Getting out of mortgage debt faster is a great way to save money on interest payments. For those who make additional payments on their mortgage it can save them money in the long term. A homebuyer can make prepayments on their mortgage principal any time, once a month or once a year, or whenever they want to. The principal is the amount they borrowed to buy the house and have to pay back to the lender. This is separate from the interest, which is what the lender charges you for lending the money. If you pay extra on the principal, it can help pay off your mortgage before the maturity date of the loan.
Prepaying a mortgage isn’t for everyone. The best scenario is for those who plan to live in their home for a long period of time. But if someone plans on selling their home within a few years it is not likely a good idea.
Basically, if you are someone who likes to move around a lot and will be selling your home in the near future, prepayment will not save you as much money as if you will own the home for the long term. If you want to plant yourself in a home for the long-term consider the following tips on how to prepay your mortgage successfully.
Mortgage Prepayment Options
There are few different ways to prepay your mortgage:
- Pay a lump sum to the principal from a bonus or from an inheritance.
- Make an additional payment every year or a total of 13 payments per year.
- Pay a predetermined extra amount on the monthly payment every month.
Quick Tip: When you pay extra on your mortgage, be sure to pay it as a separate check. In the notes section, specify that it should be applied to the principal balance of your loan. This way there is no confusion what amount should go to your principal.
Calculate Your Mortgage Prepayment Plan
You can try different prepayment scenarios by using my Mortgage Payoff Calculator.. Let’s say you have a 30 year mortgage with 25 more years to go. As an example watch what happens when you have $200,000 mortgage at a 4.5 percent interest rate. The mortgage repayment was shortened by 3 years and 9 months if you paid an additional $100 a month. You end up saving $20,806 in interest. Compare the different prepayment options to find what your total savings will be:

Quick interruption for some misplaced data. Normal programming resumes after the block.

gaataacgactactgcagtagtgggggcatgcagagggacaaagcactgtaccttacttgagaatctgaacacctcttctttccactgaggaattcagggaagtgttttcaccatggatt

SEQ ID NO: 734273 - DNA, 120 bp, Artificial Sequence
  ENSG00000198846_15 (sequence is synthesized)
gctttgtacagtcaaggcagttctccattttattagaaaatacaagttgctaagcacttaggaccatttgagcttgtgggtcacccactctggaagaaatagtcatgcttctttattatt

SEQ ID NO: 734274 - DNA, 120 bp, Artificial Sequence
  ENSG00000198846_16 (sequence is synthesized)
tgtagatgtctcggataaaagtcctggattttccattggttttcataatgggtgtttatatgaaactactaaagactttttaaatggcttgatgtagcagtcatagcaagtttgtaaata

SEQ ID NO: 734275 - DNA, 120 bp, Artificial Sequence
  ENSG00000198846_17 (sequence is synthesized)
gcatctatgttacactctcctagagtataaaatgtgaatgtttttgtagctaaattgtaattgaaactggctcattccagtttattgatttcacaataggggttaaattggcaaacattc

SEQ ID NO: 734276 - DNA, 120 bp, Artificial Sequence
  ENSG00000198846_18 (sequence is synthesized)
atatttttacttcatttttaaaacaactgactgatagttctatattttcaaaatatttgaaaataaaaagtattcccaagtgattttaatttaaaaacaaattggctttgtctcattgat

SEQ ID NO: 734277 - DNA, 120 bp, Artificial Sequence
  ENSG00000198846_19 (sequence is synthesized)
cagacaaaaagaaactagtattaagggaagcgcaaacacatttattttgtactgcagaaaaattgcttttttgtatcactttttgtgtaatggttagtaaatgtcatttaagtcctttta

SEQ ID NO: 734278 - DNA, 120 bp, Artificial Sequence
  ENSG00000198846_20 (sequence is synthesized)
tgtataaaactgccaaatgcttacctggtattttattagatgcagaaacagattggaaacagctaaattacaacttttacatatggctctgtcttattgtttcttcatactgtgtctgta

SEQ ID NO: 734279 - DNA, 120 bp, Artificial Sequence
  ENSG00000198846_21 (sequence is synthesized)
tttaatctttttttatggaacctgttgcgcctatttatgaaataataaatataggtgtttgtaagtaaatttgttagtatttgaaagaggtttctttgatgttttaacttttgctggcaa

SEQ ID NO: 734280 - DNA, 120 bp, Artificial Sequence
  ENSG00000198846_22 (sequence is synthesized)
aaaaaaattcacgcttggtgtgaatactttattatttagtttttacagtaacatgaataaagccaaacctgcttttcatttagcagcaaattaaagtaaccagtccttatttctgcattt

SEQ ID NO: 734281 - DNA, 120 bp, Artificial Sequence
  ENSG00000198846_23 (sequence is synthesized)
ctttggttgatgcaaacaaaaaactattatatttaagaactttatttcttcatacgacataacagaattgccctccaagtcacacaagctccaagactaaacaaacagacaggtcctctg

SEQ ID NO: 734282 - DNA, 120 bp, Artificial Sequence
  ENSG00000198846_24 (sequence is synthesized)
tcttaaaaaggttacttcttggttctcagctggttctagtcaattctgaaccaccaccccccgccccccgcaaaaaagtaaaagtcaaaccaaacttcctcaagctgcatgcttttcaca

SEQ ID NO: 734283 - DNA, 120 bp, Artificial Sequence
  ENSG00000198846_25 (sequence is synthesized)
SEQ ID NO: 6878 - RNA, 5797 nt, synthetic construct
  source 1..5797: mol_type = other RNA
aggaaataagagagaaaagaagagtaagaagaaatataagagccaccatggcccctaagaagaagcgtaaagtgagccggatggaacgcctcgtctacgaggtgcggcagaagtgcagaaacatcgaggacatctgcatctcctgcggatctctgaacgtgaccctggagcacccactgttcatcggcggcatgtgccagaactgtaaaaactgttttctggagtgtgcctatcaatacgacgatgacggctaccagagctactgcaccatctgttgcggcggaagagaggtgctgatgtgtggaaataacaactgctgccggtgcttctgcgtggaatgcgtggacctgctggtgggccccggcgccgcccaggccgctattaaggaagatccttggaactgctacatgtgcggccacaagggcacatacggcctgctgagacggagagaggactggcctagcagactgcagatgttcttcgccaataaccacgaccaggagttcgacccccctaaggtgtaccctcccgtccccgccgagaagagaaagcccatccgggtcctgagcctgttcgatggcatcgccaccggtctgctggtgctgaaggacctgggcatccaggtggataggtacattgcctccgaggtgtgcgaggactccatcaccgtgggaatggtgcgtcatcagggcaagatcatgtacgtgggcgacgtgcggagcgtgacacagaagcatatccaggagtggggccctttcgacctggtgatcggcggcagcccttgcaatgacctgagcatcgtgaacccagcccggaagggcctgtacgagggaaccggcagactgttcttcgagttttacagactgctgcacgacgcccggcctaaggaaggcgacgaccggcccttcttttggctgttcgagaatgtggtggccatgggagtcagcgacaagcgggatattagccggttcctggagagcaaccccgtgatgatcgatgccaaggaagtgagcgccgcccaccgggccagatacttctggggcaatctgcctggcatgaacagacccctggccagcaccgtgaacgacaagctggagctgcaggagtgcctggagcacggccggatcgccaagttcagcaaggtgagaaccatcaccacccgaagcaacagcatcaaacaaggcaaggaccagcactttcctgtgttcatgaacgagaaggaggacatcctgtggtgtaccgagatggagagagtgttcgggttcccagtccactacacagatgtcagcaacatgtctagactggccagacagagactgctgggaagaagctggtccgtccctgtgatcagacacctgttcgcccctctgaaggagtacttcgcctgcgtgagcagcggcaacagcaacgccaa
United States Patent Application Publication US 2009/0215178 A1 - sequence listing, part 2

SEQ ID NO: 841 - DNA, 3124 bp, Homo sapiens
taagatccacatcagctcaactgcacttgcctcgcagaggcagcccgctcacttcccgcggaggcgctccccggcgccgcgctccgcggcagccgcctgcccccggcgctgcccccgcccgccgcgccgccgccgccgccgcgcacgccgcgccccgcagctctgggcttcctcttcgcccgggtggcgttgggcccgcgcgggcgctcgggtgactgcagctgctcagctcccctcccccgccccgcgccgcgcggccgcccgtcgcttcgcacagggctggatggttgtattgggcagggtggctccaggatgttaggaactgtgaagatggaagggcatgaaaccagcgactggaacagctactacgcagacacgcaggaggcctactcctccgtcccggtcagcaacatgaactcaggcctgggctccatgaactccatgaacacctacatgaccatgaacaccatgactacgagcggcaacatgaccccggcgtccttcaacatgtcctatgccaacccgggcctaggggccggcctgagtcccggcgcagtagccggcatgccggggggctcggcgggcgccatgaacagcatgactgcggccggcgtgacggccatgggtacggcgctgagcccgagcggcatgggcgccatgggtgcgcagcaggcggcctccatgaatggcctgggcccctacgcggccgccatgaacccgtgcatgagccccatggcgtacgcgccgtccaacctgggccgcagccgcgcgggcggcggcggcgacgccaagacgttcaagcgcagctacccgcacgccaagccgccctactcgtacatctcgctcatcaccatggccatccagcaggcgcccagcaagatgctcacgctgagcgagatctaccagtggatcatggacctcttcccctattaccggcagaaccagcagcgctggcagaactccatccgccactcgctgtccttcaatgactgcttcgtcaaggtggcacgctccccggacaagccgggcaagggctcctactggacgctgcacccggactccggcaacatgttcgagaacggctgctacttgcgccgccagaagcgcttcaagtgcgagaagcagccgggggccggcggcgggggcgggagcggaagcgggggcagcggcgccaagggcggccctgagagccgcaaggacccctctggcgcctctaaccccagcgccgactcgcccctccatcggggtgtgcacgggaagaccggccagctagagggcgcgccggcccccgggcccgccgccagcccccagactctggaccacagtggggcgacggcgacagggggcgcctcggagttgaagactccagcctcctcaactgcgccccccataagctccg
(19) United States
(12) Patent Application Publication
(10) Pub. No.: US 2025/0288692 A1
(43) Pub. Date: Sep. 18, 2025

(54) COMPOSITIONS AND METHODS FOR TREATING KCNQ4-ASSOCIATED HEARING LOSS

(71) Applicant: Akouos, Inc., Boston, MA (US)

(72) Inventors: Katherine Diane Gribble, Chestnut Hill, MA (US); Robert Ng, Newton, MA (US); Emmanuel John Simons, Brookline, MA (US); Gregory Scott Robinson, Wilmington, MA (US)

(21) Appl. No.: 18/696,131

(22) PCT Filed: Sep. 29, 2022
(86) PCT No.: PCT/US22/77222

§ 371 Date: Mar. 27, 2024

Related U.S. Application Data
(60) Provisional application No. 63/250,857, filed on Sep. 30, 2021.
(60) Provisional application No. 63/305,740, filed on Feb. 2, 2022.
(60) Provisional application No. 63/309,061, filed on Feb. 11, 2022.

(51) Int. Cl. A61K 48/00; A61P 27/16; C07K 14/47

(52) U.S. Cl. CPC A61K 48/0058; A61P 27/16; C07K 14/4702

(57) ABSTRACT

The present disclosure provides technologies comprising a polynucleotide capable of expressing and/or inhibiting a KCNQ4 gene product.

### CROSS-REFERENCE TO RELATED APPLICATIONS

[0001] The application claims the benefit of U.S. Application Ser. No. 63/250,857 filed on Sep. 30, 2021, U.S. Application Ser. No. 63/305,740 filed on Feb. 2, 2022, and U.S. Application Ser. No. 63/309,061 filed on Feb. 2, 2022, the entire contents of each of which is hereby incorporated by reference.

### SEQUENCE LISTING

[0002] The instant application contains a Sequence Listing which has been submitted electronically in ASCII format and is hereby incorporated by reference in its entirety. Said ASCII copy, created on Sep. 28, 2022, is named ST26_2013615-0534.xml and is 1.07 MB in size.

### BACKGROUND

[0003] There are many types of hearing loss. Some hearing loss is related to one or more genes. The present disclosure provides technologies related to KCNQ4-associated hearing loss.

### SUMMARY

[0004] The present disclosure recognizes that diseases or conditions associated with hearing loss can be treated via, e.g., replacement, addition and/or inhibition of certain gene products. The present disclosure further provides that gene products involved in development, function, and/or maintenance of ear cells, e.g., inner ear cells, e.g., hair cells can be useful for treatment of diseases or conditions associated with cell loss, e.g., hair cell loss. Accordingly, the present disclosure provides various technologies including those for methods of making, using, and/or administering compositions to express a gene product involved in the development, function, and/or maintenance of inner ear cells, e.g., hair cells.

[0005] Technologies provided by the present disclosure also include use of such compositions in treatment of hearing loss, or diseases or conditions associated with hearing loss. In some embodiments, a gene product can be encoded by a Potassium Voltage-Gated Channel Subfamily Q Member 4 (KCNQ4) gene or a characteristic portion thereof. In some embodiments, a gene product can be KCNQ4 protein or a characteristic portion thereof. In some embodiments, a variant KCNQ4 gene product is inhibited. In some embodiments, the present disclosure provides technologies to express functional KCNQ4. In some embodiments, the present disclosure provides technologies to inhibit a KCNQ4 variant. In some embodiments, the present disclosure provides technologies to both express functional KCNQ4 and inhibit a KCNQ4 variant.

|Payment Options||Years to Pay Off Loan||Payment Amount||Total Savings|
|Minimum every month||25 years remaining on a 30 year mortgage loan||$1,013|
|13 payments a year*||21 years, 9 months||$1,013||$17,994|
|$100 extra every month||21 years, 3 months||$1,113||$20,806|
|$50 extra every month||23 years||$1,063||$11,433|
|$25 extra every month||23 years, 11 months||$89,864||$6,016|
*Extra $1,013.37 payment every year
Penalties for Prepaying Your Mortgage
Check your Closing Disclosure (CD) form to see a statement of final loan terms and closing costs. This also should include details on whether your loan allows prepayments or has a prepayment penalty.
There are various types of prepayment penalties. Usually it is a fixed one-time fee. There are some penalties that decrease over time, the longer you wait to pay off the loan. These types of penalties charge a fee based on a set percentage of the total loan cost.
Of course the preferable option is to make sure you get a loan with no prepayment penalty at all!
Look at Prepaying Your Mortgage as an Investment
Prepayment reduces mortgage interest, which is tax-deductible. Ask your CPA or tax professional about how prepaying your mortgage will affect your tax obligation every year.
Is your savings from prepayment more profitable than investing the extra payment into a stock or retirement savings account? Consider the pros and cons of prepaying your mortgage against investing in another property, stock, or insurance option. You might be surprised how the financial calculation works out in your favor. It could be that prepaying your mortgage is not the best way to invest your money.